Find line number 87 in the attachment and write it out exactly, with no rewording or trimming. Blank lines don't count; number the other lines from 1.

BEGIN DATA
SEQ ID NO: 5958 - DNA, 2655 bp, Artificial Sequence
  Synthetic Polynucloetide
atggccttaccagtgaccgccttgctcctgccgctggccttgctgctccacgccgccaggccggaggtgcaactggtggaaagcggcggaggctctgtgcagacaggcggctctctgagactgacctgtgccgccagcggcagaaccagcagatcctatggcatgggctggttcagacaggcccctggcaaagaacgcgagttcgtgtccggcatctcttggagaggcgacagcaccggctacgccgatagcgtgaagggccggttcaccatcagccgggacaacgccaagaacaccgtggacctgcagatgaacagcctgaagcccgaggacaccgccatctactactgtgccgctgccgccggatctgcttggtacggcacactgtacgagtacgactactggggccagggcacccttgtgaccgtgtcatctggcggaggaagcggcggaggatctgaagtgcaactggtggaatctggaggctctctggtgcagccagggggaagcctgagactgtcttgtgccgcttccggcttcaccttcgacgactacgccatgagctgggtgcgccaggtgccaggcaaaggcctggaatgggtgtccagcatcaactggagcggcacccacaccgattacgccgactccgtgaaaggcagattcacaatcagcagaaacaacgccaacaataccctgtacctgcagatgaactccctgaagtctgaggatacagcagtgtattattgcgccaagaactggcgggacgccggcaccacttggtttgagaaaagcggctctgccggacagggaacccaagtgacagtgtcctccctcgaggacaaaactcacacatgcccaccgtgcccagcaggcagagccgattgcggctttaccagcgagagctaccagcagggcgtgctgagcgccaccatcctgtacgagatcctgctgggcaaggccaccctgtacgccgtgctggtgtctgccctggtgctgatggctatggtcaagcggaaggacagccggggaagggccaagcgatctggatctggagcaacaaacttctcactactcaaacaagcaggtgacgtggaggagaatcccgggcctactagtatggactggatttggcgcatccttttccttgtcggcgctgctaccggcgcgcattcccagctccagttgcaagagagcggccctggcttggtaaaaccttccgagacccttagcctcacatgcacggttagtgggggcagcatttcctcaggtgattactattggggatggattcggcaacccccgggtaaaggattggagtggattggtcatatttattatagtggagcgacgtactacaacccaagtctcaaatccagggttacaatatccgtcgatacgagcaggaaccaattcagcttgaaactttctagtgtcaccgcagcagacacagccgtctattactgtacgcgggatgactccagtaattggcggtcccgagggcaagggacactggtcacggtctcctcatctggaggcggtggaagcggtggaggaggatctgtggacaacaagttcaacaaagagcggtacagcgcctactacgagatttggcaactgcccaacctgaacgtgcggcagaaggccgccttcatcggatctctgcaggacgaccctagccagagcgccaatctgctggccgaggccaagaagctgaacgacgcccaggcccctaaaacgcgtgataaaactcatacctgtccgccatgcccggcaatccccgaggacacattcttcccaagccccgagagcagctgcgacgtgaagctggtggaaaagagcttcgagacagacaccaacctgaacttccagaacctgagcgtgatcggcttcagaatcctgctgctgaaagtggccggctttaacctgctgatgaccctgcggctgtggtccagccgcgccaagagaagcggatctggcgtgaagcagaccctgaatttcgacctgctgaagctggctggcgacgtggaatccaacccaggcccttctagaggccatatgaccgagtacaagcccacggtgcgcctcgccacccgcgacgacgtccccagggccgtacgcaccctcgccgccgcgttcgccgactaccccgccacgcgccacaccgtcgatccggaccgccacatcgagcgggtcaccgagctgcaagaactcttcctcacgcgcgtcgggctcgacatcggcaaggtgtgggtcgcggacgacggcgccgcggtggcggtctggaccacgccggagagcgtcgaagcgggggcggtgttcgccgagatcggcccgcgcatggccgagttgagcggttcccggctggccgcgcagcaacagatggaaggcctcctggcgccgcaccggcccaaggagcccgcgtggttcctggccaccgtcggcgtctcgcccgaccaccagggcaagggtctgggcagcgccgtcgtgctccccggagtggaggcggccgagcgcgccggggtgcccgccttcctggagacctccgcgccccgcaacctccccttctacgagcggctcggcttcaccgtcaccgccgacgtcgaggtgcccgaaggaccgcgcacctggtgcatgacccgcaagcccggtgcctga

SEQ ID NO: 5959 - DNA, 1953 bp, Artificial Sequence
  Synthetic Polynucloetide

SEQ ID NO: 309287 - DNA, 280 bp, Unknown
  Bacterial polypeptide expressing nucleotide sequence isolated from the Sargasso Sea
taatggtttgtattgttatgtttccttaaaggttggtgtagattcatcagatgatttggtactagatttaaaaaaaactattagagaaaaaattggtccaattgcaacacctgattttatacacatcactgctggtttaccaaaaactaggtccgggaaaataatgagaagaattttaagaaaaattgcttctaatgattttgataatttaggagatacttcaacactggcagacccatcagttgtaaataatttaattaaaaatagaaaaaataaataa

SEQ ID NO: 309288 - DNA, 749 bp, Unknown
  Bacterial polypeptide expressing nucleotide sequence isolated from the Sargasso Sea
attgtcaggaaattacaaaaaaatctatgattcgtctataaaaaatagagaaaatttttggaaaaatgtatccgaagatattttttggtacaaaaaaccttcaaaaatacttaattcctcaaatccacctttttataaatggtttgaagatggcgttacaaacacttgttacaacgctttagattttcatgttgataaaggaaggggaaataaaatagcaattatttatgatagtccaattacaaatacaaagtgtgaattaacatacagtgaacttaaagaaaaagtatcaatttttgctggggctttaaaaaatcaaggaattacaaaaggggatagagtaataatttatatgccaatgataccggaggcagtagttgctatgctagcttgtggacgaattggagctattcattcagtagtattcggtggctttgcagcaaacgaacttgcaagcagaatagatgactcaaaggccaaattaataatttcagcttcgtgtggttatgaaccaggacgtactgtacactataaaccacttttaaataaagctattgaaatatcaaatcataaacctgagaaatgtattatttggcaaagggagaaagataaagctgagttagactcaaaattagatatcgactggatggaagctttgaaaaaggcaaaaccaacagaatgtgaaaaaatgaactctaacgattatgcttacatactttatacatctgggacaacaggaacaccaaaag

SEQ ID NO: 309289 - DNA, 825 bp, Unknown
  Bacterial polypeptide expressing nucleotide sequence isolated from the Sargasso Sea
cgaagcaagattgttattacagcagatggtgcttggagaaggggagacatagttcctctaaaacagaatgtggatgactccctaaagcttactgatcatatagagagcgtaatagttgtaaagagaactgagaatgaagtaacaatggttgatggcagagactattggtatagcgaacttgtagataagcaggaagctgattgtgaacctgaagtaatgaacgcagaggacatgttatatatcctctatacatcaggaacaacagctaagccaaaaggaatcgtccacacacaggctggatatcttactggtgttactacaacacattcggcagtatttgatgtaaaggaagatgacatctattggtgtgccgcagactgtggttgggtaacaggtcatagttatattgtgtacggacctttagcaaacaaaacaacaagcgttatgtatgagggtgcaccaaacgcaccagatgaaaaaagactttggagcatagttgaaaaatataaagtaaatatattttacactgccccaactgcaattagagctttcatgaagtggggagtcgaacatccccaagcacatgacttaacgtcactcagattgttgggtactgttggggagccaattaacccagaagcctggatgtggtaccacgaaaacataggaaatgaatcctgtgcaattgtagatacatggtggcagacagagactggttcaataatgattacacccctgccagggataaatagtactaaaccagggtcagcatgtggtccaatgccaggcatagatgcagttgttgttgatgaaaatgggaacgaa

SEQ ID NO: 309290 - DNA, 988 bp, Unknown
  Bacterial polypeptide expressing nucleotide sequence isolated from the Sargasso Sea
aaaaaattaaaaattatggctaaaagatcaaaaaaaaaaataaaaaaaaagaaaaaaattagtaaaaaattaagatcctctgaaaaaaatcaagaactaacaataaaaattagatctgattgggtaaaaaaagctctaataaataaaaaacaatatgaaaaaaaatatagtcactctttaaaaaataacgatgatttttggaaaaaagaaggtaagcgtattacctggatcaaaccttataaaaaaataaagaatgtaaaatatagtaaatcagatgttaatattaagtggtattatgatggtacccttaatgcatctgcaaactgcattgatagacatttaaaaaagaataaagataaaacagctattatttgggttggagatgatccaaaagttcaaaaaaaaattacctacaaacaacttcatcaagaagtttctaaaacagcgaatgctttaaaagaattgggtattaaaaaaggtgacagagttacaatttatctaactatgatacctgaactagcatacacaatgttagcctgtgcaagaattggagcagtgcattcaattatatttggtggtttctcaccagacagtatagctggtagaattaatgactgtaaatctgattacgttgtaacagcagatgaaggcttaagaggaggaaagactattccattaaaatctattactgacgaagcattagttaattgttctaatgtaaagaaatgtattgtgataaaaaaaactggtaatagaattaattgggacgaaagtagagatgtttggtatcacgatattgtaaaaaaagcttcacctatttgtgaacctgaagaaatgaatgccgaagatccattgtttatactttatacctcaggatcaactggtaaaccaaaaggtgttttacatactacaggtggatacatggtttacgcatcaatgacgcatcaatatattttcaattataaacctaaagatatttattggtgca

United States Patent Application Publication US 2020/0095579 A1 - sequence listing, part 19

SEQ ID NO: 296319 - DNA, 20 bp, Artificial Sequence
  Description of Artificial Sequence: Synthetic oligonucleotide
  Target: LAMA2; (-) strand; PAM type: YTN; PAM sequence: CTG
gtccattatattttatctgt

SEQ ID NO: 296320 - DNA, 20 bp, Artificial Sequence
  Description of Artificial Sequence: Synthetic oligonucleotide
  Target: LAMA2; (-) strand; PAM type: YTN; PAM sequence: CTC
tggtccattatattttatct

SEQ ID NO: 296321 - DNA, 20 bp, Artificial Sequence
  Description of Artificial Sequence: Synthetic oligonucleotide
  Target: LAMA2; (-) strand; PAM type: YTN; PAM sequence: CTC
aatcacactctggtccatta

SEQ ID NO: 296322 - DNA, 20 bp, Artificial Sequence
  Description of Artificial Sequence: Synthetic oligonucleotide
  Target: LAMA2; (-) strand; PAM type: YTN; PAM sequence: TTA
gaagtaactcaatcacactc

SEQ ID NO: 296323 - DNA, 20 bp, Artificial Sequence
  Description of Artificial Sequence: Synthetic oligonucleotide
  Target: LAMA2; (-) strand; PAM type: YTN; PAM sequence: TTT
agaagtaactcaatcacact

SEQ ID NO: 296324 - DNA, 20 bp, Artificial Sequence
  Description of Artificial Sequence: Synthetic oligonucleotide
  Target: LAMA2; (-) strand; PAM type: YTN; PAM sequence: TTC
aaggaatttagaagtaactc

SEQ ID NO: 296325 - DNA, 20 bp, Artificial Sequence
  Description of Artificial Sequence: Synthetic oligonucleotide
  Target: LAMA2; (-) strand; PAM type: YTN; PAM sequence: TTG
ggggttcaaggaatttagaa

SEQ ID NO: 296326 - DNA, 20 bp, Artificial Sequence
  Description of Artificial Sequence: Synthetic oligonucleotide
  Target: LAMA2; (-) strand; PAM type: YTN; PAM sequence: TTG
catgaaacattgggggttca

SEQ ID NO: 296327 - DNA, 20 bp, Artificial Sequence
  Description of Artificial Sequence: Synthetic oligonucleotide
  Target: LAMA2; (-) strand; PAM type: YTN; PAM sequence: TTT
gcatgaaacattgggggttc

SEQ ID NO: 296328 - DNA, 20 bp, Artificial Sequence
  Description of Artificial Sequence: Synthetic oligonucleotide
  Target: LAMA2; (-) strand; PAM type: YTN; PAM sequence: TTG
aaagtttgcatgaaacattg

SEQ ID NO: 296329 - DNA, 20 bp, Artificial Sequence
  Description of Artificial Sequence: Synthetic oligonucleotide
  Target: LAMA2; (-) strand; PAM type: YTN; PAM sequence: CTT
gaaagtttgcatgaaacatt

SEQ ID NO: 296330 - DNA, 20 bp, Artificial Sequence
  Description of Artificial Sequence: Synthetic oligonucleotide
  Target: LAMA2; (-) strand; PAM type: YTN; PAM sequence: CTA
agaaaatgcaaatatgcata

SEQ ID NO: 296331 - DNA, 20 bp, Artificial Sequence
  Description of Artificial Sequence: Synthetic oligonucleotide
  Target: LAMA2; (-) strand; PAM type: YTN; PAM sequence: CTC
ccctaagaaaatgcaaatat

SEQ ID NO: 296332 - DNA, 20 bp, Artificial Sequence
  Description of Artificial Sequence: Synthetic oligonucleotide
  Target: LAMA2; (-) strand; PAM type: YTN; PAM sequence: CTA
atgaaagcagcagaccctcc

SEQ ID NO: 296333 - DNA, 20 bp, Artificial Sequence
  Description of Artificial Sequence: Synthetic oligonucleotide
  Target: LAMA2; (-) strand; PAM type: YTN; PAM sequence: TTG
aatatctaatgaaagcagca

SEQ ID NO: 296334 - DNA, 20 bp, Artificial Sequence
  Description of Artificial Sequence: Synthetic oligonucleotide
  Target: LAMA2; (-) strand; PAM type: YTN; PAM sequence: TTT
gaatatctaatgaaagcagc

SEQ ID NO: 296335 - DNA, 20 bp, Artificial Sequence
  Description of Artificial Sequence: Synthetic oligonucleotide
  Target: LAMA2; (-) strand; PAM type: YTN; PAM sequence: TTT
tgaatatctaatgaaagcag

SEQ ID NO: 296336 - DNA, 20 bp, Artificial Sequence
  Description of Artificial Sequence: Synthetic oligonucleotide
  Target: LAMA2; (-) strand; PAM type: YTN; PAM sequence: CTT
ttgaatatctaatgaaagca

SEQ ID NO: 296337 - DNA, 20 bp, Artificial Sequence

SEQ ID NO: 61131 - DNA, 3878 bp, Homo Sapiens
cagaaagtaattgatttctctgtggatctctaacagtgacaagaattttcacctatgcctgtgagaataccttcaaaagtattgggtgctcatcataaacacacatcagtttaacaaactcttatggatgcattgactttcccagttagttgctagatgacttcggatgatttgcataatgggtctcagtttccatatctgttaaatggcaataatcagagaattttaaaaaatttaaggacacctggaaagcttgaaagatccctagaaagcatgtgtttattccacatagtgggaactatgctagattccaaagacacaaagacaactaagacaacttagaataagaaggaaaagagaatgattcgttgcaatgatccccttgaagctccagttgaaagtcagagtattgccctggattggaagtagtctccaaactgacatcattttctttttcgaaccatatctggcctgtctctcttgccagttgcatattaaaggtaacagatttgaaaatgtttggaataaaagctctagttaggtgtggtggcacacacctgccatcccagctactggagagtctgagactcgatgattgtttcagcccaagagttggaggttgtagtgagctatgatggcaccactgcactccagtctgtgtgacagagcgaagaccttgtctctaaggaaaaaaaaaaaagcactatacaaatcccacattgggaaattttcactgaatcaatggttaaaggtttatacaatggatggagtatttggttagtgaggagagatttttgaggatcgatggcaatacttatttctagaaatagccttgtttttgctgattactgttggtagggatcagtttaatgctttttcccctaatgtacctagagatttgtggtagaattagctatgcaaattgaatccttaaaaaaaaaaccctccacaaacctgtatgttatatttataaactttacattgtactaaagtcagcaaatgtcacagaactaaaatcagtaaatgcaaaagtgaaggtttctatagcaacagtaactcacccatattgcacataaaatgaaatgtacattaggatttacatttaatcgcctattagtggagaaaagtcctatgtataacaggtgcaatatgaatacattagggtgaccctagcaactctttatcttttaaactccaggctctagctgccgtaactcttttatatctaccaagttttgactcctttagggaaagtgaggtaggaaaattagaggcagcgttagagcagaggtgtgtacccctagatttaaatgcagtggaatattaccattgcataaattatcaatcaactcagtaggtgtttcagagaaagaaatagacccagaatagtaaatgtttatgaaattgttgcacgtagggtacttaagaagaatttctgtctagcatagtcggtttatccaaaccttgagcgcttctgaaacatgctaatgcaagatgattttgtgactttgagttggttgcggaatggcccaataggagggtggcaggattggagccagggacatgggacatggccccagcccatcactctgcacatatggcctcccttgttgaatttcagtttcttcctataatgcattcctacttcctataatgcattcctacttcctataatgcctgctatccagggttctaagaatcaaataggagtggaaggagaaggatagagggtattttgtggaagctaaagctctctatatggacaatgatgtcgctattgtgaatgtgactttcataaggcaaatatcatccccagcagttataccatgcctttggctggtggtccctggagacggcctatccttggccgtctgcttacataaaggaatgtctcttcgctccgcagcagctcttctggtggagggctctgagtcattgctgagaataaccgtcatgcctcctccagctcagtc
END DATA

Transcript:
SEQ ID NO: 296336 - DNA, 20 bp, Artificial Sequence